A roadmap to cross-border finance
The Bank of International Settlements (BIS) recently reported that renminbi (RMB) had for the first time become one of the top 10 most traded international currencies. Trading in RMB has tripled over the last three years to $120bn (£75bn) a day in April 2013. The increase in trading is a direct result of China’s ambitious reforms to ensure that China’s place as the second-largest economy in the world is underpinned by the use of RMB in international trade.
Freeing capital controls and creating deep and liquid pools of RMB capital is also creating a growing market in RMB-denominated financing. China’s regulators have recently announced changes that, broadly speaking, ease the controls on financing between the People’s Republic of China (PRC) and offshore jurisdictions, as well as the provision of security given in support of that financing. The changes are significant because they facilitate cross-border funding through the provision of loans off shore and allow cash held in China to be swept off shore. That funding will be used to fund cross-border trade, offshore investments and acquisitions and enable onshore treasury operations to be managed in global treasury pools. The changes further evidence China’s determination to gradually ease capital account controls.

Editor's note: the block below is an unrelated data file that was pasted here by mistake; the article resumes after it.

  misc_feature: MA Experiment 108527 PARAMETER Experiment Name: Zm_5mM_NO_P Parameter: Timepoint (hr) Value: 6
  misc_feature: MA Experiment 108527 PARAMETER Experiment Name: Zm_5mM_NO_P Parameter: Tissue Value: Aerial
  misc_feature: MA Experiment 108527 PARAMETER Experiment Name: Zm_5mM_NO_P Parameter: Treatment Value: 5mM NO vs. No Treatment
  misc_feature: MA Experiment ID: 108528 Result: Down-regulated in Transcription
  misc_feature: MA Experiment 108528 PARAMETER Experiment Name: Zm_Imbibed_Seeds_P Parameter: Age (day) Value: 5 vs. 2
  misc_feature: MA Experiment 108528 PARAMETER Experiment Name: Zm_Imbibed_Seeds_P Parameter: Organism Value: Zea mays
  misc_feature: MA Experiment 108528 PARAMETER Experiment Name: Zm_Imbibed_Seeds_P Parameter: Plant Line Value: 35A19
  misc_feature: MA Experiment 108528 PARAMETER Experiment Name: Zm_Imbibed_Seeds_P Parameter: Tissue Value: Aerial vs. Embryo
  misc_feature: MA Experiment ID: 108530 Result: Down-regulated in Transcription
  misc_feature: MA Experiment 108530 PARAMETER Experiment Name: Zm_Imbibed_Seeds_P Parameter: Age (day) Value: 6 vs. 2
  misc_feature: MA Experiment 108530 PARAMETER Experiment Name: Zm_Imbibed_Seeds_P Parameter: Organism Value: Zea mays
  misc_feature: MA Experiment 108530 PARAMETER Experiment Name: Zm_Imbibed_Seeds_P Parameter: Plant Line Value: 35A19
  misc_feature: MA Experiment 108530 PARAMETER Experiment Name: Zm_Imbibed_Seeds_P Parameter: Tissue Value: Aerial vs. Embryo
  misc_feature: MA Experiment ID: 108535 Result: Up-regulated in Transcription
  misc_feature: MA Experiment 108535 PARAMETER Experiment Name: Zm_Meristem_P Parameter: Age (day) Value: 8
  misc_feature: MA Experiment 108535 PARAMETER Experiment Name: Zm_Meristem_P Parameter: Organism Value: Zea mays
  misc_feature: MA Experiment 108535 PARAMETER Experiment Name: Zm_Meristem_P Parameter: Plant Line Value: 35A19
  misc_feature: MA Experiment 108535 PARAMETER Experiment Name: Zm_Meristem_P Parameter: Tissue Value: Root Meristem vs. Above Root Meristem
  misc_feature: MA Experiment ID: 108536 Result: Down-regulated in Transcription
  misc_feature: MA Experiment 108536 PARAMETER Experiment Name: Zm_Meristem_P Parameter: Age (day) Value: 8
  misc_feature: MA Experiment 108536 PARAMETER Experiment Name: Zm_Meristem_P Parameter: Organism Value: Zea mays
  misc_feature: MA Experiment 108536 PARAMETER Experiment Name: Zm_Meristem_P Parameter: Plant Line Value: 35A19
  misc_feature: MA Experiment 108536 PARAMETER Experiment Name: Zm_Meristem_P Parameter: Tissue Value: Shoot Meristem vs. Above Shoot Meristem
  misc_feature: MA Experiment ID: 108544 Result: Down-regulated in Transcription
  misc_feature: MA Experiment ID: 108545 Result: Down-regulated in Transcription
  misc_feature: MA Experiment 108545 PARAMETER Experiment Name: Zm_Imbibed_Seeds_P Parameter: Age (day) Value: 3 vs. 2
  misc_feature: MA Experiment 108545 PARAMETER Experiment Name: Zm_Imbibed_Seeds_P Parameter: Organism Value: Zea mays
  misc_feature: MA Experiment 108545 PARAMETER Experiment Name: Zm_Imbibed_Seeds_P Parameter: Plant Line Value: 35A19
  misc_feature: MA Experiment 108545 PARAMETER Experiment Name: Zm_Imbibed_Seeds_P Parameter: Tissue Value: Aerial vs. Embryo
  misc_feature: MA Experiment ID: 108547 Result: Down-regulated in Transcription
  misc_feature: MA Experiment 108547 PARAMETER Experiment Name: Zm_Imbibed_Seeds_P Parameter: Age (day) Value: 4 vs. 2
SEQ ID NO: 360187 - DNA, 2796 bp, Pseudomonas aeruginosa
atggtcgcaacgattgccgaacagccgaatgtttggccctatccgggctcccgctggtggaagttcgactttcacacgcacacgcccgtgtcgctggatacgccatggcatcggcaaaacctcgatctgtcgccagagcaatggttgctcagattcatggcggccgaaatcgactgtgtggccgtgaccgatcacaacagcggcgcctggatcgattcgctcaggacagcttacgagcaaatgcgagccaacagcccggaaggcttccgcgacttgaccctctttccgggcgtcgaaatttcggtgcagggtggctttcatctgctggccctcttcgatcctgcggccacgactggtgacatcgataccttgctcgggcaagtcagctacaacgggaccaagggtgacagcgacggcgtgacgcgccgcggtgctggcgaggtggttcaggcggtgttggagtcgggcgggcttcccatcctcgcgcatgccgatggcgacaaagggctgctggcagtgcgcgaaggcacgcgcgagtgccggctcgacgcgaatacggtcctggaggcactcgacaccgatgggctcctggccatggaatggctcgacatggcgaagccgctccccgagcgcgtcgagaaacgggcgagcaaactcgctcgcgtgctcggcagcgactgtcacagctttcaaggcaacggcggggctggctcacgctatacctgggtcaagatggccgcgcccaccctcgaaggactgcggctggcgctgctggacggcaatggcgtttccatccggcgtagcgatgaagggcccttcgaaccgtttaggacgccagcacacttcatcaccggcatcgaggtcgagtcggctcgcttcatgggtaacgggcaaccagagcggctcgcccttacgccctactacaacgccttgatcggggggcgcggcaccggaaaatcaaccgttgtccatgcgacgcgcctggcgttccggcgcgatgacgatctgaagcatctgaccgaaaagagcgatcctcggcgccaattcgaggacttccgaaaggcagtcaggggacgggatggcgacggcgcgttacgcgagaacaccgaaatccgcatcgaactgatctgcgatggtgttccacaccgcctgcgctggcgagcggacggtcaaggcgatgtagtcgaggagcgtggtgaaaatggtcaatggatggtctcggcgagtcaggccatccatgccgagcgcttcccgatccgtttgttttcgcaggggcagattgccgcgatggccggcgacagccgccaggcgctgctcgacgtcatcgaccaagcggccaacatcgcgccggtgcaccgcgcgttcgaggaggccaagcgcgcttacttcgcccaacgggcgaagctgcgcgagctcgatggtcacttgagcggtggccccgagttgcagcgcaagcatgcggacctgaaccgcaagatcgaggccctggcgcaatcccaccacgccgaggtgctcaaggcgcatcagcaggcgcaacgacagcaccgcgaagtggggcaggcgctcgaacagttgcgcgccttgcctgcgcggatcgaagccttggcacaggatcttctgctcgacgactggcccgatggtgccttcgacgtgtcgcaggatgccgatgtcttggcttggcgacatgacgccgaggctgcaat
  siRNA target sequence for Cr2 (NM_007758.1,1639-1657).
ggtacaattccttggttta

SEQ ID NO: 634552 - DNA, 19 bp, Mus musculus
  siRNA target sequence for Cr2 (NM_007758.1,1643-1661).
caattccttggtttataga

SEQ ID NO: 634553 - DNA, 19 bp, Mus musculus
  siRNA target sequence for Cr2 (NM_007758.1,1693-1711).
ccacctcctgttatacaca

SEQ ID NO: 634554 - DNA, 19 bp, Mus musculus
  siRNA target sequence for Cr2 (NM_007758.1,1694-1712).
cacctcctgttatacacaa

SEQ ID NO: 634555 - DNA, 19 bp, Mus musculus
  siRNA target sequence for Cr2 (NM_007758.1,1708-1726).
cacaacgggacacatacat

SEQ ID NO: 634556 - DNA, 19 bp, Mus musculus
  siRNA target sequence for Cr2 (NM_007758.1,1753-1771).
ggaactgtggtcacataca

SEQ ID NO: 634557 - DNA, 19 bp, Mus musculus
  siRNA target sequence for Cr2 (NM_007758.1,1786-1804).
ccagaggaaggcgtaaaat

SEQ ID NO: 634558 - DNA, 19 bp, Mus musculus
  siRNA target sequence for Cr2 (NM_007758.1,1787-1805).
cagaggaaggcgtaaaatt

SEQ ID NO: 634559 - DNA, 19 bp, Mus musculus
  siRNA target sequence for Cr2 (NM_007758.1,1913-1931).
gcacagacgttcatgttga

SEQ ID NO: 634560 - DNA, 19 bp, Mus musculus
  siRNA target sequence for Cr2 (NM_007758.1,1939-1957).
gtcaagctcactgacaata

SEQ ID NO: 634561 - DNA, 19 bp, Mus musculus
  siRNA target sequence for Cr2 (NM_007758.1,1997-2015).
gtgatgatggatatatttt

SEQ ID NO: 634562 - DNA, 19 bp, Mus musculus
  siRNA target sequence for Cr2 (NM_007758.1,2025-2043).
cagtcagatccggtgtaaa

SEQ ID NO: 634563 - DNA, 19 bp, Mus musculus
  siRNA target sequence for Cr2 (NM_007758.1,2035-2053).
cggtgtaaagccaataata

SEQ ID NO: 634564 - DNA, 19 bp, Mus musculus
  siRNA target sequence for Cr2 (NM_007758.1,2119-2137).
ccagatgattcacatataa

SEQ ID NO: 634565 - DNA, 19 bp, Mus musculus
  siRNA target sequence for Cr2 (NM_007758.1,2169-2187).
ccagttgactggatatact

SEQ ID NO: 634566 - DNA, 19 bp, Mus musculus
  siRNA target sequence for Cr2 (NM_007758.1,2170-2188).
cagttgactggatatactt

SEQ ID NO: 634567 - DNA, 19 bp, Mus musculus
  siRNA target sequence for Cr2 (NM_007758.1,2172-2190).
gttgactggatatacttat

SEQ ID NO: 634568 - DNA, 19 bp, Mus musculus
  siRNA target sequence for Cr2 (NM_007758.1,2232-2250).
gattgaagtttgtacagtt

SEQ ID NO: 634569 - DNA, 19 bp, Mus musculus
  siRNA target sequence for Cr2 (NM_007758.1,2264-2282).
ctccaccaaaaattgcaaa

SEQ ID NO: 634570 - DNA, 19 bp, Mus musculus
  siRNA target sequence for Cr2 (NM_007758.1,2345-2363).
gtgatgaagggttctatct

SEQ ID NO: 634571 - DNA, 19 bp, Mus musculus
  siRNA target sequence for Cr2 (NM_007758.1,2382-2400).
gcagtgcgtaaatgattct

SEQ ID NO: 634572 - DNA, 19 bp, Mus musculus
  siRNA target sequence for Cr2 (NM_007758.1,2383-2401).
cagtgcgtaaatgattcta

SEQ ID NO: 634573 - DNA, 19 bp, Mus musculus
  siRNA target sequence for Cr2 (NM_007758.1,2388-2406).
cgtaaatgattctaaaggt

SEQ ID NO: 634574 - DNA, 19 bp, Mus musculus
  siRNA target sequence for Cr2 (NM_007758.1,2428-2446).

This issue focuses on: inbound finance, where a PRC-established corporate entity (whether a foreign invested enterprise or other PRC corporate entity) (each an onshore corporate) borrows offshore or issues bonds off shore; outbound finance, where an onshore corporate lends money to an offshore entity; cross-border security, where a security (such as a mortgage or pledge over assets) or guarantee (credit support) is given to support inbound finance or outbound finance; and the rationalisation of cross-border treasury operations…
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